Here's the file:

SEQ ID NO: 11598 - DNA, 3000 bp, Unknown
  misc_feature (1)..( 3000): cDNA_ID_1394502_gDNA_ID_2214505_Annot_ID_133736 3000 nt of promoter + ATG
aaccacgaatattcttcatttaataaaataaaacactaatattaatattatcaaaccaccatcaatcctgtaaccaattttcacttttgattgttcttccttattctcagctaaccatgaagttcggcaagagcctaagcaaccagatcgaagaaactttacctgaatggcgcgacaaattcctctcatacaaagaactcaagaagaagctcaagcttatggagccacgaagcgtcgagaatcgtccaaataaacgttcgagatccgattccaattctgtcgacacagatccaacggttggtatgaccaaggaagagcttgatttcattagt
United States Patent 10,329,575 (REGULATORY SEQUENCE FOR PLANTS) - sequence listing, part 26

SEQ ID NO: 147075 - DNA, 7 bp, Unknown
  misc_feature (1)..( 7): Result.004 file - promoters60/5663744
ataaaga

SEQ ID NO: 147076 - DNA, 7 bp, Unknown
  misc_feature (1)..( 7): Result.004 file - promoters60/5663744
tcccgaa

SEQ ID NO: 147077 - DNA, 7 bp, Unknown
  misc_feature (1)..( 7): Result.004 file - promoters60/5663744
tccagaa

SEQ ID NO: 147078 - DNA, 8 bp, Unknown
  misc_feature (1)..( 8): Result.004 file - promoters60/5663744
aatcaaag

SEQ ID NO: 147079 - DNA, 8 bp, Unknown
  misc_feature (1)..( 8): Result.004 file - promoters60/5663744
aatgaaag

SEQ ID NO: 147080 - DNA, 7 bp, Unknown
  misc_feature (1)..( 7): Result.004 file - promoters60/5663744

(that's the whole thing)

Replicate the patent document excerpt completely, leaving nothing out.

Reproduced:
SEQ ID NO: 11598 - DNA, 3000 bp, Unknown
  misc_feature (1)..( 3000): cDNA_ID_1394502_gDNA_ID_2214505_Annot_ID_133736 3000 nt of promoter + ATG
aaccacgaatattcttcatttaataaaataaaacactaatattaatattatcaaaccaccatcaatcctgtaaccaattttcacttttgattgttcttccttattctcagctaaccatgaagttcggcaagagcctaagcaaccagatcgaagaaactttacctgaatggcgcgacaaattcctctcatacaaagaactcaagaagaagctcaagcttatggagccacgaagcgtcgagaatcgtccaaataaacgttcgagatccgattccaattctgtcgacacagatccaacggttggtatgaccaaggaagagcttgatttcattagt
United States Patent 10,329,575 (REGULATORY SEQUENCE FOR PLANTS) - sequence listing, part 26

SEQ ID NO: 147075 - DNA, 7 bp, Unknown
  misc_feature (1)..( 7): Result.004 file - promoters60/5663744
ataaaga

SEQ ID NO: 147076 - DNA, 7 bp, Unknown
  misc_feature (1)..( 7): Result.004 file - promoters60/5663744
tcccgaa

SEQ ID NO: 147077 - DNA, 7 bp, Unknown
  misc_feature (1)..( 7): Result.004 file - promoters60/5663744
tccagaa

SEQ ID NO: 147078 - DNA, 8 bp, Unknown
  misc_feature (1)..( 8): Result.004 file - promoters60/5663744
aatcaaag

SEQ ID NO: 147079 - DNA, 8 bp, Unknown
  misc_feature (1)..( 8): Result.004 file - promoters60/5663744
aatgaaag

SEQ ID NO: 147080 - DNA, 7 bp, Unknown
  misc_feature (1)..( 7): Result.004 file - promoters60/5663744